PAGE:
Climate change is happening now. Here in Los Angeles- not just in the Arctic. In our backyards, our ocean, our mountains, our beaches. Of course it’s important to keep reducing carbon emissions, but at this point climate change is occurring – we don’t have a choice, we need adapt to the change. Investing time and resources into identifying and advocating for environmentally-sound adaptation solutions is imperative- climate change could be one of the biggest challenges we face.

Some of the ongoing and expected climate change impacts here in coastal Los Angeles include increased storm intensity, ocean temperature increases, changing currents, sea level rise, species range shifts, coastal erosion, and ocean acidification. To make matters worse, when a combination of impacts collide—such as high tides, sea level rise, storm surges, and inland flooding—projected inundation could severely impact our freshwater supplies, wastewater treatment plants, power plants, and other infrastructure… not to mention public health and the environment.

According to NOAA, in 2012 the U.S. experienced our warmest year on record, which might sound nice and toasty at first, but really means that we had more extremely hot days and heat waves than in years past. This type of climate change not only has immediate impacts to public health, but can also affect nature’s timing—prey, predators, and pollination may not match up as they have in past years—which can have profound effects on our local and migrating species, upsetting the natural balance native species have established for centuries.

At Heal the Bay, we’re committed to advocating for environmentally sound climate change adaptation methods through participating in local stakeholder groups such as Adapt-LA, analyzing and commenting on proposed plans and policies, and educating the public about the coastal threats associated with climate change and how everyday people can be involved in sound solutions that protect our critical natural resources.

Some areas we’ve been involved with for a while will help with climate change adaptation – like encouraging water reuse and conservation, or supporting and advocating for low-impact development. Also, by supporting the restoration and protection of specific ecosystems- such as wetlands and eelgrass beds- we are also not just adapting to climate change, but trying to offset it. Wetlands and eelgrass beds can act as a carbon sink, natural places that absorb more carbon from the atmosphere than they release.

One of Heal the Bay’s larger efforts over the past five years, and one of the key slices of my personal work at Heal the Bay is the establishment and implementation of Marine Protected Areas (MPAs), which help to maintain and create healthy ecosystems. How are MPAs and climate change related? Healthy ecosystems can better withstand the pressures of climate change much more effectively than a stressed ecosystem, and MPAs house more resilient habitats and species. By focusing on reducing overall stressors to the environment, such as pollution and overfishing, we can buy time for species to adapt to stressors that we cannot control- namely, climate change. A more resilient ecosystem can rebound and adapt after an extreme event. Also, by supporting a network of MPAs, rather than just single areas, we are planning ahead for species shifts to northern waters as ocean temperatures rise- our California MPA network provides a continuity of protected habitats.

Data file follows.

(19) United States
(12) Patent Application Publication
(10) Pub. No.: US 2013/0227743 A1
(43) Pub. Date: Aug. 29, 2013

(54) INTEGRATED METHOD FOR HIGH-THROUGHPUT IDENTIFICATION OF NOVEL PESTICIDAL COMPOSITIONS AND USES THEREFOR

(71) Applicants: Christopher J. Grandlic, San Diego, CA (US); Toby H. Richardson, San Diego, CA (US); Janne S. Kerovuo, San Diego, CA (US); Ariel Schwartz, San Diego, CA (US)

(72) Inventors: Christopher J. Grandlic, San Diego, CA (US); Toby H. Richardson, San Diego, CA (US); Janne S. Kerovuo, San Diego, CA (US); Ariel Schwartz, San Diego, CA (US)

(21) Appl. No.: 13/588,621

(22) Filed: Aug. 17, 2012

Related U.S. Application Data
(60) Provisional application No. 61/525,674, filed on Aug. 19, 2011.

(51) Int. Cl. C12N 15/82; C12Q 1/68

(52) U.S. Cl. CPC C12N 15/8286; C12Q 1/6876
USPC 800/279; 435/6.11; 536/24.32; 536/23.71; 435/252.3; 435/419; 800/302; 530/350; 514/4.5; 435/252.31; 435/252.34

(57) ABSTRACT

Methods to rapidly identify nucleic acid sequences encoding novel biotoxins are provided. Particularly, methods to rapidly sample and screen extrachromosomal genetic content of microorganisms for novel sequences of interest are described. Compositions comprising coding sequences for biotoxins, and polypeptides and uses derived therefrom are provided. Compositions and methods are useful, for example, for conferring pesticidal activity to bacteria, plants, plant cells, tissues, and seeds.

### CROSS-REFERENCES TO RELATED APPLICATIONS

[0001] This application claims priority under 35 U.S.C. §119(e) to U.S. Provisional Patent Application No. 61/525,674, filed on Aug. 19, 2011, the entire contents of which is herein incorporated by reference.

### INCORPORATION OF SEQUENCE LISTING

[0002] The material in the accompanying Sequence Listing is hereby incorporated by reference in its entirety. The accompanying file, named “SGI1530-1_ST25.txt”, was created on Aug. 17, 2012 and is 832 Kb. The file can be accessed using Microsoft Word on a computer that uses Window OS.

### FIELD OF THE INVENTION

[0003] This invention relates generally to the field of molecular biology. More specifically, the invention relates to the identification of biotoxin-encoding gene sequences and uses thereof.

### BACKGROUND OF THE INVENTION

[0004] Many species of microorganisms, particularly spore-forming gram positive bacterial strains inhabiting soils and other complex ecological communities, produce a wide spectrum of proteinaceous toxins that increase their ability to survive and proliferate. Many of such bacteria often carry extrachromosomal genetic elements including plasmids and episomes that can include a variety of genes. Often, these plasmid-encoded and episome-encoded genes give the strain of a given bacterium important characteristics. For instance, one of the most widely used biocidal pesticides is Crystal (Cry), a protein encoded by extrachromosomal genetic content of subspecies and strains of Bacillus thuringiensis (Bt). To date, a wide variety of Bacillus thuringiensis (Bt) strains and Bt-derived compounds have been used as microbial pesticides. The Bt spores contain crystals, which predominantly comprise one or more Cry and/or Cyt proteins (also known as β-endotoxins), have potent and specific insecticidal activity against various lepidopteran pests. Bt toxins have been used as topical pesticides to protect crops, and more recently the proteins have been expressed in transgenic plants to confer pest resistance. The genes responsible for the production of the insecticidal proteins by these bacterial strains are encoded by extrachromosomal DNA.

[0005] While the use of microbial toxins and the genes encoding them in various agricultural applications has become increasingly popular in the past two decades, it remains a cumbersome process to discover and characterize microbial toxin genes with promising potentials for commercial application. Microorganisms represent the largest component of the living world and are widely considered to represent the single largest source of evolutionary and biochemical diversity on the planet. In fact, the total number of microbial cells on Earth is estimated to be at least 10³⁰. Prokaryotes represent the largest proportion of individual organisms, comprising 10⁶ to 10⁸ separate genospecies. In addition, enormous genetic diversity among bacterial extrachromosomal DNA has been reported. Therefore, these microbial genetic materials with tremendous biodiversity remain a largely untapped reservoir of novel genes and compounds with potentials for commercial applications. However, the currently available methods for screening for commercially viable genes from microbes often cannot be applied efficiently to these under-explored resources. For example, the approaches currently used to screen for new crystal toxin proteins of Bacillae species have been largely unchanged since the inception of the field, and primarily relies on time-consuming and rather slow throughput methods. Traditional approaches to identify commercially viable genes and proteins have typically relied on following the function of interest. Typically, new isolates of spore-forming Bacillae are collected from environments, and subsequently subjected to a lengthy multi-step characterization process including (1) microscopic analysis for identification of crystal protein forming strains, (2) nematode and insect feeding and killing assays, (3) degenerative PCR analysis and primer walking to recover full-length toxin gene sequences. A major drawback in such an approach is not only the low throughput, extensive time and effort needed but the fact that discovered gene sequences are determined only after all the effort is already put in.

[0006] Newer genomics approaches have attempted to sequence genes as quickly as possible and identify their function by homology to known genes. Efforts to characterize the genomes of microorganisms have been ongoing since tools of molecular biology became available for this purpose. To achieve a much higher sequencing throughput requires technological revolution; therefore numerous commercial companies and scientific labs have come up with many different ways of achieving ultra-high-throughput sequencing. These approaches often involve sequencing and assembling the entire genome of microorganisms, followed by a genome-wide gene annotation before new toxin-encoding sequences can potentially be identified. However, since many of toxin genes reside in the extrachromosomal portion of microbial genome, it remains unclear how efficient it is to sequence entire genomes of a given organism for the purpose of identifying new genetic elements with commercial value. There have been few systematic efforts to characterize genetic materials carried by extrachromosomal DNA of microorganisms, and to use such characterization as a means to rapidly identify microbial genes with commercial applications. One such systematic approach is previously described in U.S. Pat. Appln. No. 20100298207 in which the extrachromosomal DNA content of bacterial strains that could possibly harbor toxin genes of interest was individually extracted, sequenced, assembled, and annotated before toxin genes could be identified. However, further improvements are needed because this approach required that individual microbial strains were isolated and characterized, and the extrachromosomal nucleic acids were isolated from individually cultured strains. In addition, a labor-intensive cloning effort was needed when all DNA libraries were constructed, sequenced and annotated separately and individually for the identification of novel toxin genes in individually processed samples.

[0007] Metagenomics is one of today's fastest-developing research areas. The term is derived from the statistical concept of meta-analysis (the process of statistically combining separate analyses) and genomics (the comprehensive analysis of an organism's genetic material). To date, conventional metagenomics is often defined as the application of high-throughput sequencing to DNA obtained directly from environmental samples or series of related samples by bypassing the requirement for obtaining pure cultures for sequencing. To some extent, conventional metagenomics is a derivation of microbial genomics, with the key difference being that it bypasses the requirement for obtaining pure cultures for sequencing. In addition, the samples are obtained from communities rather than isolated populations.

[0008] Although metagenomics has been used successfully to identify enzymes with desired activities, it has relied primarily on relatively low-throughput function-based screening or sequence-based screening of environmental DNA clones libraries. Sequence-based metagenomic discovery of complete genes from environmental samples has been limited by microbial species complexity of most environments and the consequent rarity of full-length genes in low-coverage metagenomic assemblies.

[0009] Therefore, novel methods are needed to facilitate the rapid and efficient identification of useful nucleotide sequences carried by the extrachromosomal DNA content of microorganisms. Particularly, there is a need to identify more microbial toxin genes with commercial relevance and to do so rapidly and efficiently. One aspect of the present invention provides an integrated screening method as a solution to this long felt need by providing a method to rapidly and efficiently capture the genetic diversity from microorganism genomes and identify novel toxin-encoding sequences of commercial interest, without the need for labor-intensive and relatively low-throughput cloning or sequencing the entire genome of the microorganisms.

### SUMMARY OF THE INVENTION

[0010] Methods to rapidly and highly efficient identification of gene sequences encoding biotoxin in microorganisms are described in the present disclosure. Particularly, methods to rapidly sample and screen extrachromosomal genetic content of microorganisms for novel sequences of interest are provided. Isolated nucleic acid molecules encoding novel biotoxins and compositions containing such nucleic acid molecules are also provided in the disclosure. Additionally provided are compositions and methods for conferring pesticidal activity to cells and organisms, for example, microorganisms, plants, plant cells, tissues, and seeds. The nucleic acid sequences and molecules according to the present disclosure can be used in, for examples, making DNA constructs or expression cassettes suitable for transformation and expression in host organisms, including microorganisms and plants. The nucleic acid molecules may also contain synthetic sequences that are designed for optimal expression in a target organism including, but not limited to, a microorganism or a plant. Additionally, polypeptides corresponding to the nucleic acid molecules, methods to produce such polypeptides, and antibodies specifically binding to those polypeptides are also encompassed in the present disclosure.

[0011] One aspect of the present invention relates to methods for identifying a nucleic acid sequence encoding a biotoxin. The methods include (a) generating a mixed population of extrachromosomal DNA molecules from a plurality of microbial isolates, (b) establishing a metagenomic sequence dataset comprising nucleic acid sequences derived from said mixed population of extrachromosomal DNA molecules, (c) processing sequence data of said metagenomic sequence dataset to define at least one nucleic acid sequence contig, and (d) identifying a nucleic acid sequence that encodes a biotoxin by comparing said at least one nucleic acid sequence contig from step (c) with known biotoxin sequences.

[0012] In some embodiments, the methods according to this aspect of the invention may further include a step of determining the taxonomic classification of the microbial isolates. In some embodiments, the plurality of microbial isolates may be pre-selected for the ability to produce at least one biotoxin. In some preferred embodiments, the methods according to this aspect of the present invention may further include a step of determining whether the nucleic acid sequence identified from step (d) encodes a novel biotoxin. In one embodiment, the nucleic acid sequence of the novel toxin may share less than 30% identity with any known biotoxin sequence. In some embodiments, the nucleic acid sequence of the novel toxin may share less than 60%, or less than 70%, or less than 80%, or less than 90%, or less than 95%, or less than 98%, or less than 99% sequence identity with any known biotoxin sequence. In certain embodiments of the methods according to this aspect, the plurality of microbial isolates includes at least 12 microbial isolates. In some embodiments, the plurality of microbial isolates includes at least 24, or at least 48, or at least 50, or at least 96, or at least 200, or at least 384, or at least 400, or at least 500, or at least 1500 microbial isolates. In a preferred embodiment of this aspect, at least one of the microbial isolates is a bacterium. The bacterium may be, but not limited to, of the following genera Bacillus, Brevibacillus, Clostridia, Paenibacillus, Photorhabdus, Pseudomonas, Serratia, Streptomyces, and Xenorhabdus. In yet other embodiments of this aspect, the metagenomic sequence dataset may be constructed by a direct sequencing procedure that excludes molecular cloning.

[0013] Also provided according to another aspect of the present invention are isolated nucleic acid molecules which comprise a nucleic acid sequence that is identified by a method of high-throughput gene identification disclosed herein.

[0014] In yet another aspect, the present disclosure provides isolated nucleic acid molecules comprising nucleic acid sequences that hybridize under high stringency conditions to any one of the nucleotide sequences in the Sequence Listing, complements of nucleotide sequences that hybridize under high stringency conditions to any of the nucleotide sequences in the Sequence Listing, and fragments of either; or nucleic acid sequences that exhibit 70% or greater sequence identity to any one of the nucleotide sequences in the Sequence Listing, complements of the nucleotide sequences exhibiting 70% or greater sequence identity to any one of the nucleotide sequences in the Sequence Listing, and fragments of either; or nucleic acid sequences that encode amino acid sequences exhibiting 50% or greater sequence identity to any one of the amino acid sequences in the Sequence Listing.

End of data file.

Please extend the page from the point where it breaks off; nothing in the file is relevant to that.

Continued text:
I was encouraged to hear our President bring up climate change in his inauguration speech this month, and am ready to face the challenge and help implement solutions for our community, our environment, and for future generations- I hope you are on board too!

–Dana Roeber Murray, Marine & Coastal Scientist

 

You can get on board by joining the Forward on Climate rally in L.A. on February 17.

Or consider supporting Heal the Bay’s coastal resiliency efforts.



Do you care about clean water in your community? Love putting on a show? Want to make change (not just the money kind)?

Join our elite Speakers Bureau team to help raise educational awareness across Los Angeles in schools, workplaces and social groups.

For more than 25 years, Heal the Bay has relied upon people just like you to help spread the word about ocean pollution.

Last year we were able to reach 55,000 people! Obviously, we can’t do this on our own: We need you!  

Our winter training sessions begin on Tuesday, March 5, 1-4:30 p.m. at the Los Angeles River Center. Sessions run through the month on Tuesdays in March  (the 12th and the 19th), with a talk on Saturday, March 16, 9:30 a.m.-noon at Venice Pier. Attendance at all sessions is mandatory.

Register for Winter Speakers Bureau Training.